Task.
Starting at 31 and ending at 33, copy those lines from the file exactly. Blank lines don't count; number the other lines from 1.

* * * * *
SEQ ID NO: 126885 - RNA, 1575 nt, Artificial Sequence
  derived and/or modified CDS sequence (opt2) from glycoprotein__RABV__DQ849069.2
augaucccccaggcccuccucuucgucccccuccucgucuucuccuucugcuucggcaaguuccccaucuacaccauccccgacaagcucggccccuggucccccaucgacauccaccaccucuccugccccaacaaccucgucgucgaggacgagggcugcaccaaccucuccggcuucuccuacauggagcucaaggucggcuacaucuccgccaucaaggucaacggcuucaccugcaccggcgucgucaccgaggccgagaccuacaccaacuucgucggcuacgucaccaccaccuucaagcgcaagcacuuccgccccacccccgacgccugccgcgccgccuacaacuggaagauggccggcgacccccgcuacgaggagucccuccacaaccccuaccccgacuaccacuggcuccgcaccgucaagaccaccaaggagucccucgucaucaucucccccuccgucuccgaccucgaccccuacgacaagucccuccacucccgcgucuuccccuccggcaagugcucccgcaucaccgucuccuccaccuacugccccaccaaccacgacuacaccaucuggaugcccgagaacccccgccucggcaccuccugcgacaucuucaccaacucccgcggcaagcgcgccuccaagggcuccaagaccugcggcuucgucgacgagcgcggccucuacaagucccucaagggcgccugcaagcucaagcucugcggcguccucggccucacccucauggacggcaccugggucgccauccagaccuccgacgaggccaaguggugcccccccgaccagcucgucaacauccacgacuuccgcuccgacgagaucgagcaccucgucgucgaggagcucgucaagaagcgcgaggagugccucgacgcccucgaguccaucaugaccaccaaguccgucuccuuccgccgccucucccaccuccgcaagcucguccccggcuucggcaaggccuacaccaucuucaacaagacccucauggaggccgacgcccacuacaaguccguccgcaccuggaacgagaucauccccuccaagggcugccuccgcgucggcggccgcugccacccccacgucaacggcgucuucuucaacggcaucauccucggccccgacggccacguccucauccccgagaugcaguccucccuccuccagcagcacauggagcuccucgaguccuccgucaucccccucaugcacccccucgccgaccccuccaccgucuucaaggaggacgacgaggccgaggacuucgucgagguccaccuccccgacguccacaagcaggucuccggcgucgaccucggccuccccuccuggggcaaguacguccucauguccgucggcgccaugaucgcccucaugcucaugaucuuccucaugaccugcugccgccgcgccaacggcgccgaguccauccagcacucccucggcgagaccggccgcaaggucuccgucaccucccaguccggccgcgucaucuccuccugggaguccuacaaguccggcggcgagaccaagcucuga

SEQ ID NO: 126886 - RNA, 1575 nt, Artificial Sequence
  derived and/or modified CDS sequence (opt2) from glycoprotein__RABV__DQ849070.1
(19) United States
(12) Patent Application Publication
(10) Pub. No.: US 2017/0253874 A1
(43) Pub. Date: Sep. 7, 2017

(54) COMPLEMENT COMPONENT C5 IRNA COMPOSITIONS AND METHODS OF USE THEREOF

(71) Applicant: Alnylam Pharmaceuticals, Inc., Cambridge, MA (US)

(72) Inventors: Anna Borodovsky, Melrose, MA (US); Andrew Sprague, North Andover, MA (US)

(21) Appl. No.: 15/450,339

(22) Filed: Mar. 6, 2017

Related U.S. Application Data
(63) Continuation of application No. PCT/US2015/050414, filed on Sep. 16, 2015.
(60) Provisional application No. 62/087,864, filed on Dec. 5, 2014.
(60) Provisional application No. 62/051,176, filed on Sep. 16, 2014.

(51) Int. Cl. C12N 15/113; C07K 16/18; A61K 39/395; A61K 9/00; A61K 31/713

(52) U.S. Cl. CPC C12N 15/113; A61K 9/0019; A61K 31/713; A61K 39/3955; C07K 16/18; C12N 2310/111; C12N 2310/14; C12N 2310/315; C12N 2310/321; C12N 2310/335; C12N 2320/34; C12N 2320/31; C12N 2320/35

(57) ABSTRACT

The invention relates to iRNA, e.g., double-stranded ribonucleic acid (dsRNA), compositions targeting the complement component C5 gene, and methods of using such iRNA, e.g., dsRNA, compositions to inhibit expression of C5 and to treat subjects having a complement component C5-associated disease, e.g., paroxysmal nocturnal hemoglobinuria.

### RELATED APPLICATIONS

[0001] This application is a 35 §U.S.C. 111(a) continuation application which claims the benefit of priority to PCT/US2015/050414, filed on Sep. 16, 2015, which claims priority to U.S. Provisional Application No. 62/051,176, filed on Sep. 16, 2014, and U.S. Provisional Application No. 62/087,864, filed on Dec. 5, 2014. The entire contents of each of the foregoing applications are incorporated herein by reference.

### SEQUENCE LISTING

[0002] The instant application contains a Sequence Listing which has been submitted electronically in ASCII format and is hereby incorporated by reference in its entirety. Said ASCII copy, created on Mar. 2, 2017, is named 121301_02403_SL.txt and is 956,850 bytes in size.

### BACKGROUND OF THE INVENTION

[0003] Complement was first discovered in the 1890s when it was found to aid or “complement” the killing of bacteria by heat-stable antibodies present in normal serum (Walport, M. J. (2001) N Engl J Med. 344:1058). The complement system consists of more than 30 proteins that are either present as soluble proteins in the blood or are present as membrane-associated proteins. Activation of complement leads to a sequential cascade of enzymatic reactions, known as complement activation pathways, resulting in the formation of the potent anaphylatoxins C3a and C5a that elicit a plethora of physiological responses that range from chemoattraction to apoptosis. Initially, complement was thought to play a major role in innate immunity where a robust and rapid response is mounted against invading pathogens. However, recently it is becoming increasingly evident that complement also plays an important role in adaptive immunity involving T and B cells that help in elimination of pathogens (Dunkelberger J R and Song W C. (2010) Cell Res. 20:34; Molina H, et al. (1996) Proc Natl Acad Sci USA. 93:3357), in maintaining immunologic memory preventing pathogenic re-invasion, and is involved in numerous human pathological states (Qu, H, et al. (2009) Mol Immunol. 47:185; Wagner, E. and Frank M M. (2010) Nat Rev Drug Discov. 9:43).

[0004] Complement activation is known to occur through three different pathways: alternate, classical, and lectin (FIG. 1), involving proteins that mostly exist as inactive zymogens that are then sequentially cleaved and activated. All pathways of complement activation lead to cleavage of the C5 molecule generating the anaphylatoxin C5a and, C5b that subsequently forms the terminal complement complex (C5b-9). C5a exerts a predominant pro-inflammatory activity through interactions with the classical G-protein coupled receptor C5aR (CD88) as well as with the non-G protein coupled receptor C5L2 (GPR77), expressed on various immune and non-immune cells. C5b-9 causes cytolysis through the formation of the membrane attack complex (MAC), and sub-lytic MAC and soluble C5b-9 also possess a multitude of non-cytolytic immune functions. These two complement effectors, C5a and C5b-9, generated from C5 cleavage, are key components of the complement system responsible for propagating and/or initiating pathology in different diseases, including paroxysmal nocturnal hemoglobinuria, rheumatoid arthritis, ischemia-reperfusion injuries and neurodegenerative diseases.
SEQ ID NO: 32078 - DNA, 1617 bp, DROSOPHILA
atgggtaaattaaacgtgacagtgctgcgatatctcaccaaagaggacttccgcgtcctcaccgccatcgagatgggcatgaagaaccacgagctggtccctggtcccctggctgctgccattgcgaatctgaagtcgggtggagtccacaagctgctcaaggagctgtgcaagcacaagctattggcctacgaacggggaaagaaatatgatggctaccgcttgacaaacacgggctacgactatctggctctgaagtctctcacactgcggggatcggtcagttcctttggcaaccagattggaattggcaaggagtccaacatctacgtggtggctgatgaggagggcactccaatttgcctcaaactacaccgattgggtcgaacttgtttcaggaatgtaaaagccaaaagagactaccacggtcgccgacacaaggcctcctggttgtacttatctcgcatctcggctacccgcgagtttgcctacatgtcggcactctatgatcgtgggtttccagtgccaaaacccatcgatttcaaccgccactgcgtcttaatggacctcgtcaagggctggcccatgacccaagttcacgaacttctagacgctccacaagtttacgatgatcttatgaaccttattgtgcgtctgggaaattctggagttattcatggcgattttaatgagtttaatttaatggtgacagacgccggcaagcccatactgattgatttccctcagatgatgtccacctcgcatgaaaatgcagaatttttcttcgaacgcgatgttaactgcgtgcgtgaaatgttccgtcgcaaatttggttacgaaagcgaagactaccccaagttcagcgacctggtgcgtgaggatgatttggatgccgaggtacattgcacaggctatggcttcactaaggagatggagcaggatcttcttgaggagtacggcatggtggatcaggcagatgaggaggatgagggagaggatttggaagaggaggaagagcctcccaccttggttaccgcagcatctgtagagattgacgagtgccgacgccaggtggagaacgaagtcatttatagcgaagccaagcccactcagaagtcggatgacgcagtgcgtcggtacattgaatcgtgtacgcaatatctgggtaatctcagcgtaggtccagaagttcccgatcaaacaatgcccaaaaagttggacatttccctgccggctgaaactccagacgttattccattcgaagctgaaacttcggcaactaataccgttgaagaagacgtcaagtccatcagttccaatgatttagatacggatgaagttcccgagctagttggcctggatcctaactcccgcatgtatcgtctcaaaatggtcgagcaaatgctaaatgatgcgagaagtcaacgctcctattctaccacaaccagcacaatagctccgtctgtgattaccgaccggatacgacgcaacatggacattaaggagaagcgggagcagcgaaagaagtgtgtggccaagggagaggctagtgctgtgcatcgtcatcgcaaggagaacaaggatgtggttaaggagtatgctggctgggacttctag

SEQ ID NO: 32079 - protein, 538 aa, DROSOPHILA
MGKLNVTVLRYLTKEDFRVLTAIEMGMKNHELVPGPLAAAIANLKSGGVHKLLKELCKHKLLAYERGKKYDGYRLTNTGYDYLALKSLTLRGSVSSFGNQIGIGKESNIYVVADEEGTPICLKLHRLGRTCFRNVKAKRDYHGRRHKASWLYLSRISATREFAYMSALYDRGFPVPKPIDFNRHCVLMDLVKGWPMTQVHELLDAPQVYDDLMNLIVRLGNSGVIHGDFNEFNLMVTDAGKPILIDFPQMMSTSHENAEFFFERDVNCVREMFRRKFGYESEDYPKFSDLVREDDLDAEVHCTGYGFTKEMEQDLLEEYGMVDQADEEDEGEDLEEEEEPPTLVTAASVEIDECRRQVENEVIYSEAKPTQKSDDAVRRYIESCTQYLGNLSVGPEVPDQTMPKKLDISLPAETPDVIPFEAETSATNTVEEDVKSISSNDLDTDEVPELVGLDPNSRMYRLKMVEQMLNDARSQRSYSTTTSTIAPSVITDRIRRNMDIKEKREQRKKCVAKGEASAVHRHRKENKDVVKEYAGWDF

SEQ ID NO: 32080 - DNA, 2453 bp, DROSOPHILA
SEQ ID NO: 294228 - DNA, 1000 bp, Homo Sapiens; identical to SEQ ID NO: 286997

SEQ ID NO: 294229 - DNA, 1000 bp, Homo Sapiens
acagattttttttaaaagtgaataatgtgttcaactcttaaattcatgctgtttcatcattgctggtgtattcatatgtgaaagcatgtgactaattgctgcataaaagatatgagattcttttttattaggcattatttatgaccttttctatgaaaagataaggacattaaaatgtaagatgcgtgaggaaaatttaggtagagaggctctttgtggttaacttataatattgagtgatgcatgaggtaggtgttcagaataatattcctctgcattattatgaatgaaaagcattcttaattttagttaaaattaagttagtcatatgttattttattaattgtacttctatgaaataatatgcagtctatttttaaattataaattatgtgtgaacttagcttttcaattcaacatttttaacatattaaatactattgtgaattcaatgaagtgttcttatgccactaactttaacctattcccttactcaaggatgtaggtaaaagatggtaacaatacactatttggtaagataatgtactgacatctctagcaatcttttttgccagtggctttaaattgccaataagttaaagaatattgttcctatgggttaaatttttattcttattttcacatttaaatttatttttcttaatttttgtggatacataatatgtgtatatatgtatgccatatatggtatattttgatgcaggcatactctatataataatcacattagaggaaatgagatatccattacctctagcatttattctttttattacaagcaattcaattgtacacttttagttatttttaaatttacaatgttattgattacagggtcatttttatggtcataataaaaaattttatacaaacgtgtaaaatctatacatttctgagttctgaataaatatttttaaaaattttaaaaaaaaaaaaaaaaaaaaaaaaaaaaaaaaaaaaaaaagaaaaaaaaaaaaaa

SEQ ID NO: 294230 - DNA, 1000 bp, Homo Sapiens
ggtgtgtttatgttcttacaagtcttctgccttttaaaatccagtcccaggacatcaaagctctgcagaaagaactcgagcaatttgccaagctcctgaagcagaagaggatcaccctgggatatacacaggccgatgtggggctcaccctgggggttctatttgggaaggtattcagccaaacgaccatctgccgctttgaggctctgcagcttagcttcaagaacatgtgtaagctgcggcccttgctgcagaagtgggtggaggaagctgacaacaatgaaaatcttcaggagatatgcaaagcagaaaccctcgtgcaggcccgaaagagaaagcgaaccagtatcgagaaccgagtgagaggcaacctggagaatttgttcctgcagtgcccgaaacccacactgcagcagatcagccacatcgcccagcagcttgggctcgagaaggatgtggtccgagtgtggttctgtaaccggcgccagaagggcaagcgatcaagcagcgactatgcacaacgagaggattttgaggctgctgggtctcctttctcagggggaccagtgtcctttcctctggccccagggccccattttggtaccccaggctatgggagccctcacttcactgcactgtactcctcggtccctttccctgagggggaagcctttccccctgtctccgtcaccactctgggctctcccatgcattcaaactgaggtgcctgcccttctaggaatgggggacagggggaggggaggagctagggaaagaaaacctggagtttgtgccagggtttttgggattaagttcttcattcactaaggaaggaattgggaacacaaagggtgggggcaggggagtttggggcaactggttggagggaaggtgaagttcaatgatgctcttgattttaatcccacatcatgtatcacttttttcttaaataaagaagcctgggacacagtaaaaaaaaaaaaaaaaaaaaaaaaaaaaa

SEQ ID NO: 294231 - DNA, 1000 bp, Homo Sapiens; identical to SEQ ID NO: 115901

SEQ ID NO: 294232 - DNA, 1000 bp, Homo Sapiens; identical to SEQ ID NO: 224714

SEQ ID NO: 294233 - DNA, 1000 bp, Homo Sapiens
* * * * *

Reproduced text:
atgggtaaattaaacgtgacagtgctgcgatatctcaccaaagaggacttccgcgtcctcaccgccatcgagatgggcatgaagaaccacgagctggtccctggtcccctggctgctgccattgcgaatctgaagtcgggtggagtccacaagctgctcaaggagctgtgcaagcacaagctattggcctacgaacggggaaagaaatatgatggctaccgcttgacaaacacgggctacgactatctggctctgaagtctctcacactgcggggatcggtcagttcctttggcaaccagattggaattggcaaggagtccaacatctacgtggtggctgatgaggagggcactccaatttgcctcaaactacaccgattgggtcgaacttgtttcaggaatgtaaaagccaaaagagactaccacggtcgccgacacaaggcctcctggttgtacttatctcgcatctcggctacccgcgagtttgcctacatgtcggcactctatgatcgtgggtttccagtgccaaaacccatcgatttcaaccgccactgcgtcttaatggacctcgtcaagggctggcccatgacccaagttcacgaacttctagacgctccacaagtttacgatgatcttatgaaccttattgtgcgtctgggaaattctggagttattcatggcgattttaatgagtttaatttaatggtgacagacgccggcaagcccatactgattgatttccctcagatgatgtccacctcgcatgaaaatgcagaatttttcttcgaacgcgatgttaactgcgtgcgtgaaatgttccgtcgcaaatttggttacgaaagcgaagactaccccaagttcagcgacctggtgcgtgaggatgatttggatgccgaggtacattgcacaggctatggcttcactaaggagatggagcaggatcttcttgaggagtacggcatggtggatcaggcagatgaggaggatgagggagaggatttggaagaggaggaagagcctcccaccttggttaccgcagcatctgtagagattgacgagtgccgacgccaggtggagaacgaagtcatttatagcgaagccaagcccactcagaagtcggatgacgcagtgcgtcggtacattgaatcgtgtacgcaatatctgggtaatctcagcgtaggtccagaagttcccgatcaaacaatgcccaaaaagttggacatttccctgccggctgaaactccagacgttattccattcgaagctgaaacttcggcaactaataccgttgaagaagacgtcaagtccatcagttccaatgatttagatacggatgaagttcccgagctagttggcctggatcctaactcccgcatgtatcgtctcaaaatggtcgagcaaatgctaaatgatgcgagaagtcaacgctcctattctaccacaaccagcacaatagctccgtctgtgattaccgaccggatacgacgcaacatggacattaaggagaagcgggagcagcgaaagaagtgtgtggccaagggagaggctagtgctgtgcatcgtcatcgcaaggagaacaaggatgtggttaaggagtatgctggctgggacttctag

SEQ ID NO: 32079 - protein, 538 aa, DROSOPHILA
MGKLNVTVLRYLTKEDFRVLTAIEMGMKNHELVPGPLAAAIANLKSGGVHKLLKELCKHKLLAYERGKKYDGYRLTNTGYDYLALKSLTLRGSVSSFGNQIGIGKESNIYVVADEEGTPICLKLHRLGRTCFRNVKAKRDYHGRRHKASWLYLSRISATREFAYMSALYDRGFPVPKPIDFNRHCVLMDLVKGWPMTQVHELLDAPQVYDDLMNLIVRLGNSGVIHGDFNEFNLMVTDAGKPILIDFPQMMSTSHENAEFFFERDVNCVREMFRRKFGYESEDYPKFSDLVREDDLDAEVHCTGYGFTKEMEQDLLEEYGMVDQADEEDEGEDLEEEEEPPTLVTAASVEIDECRRQVENEVIYSEAKPTQKSDDAVRRYIESCTQYLGNLSVGPEVPDQTMPKKLDISLPAETPDVIPFEAETSATNTVEEDVKSISSNDLDTDEVPELVGLDPNSRMYRLKMVEQMLNDARSQRSYSTTTSTIAPSVITDRIRRNMDIKEKREQRKKCVAKGEASAVHRHRKENKDVVKEYAGWDF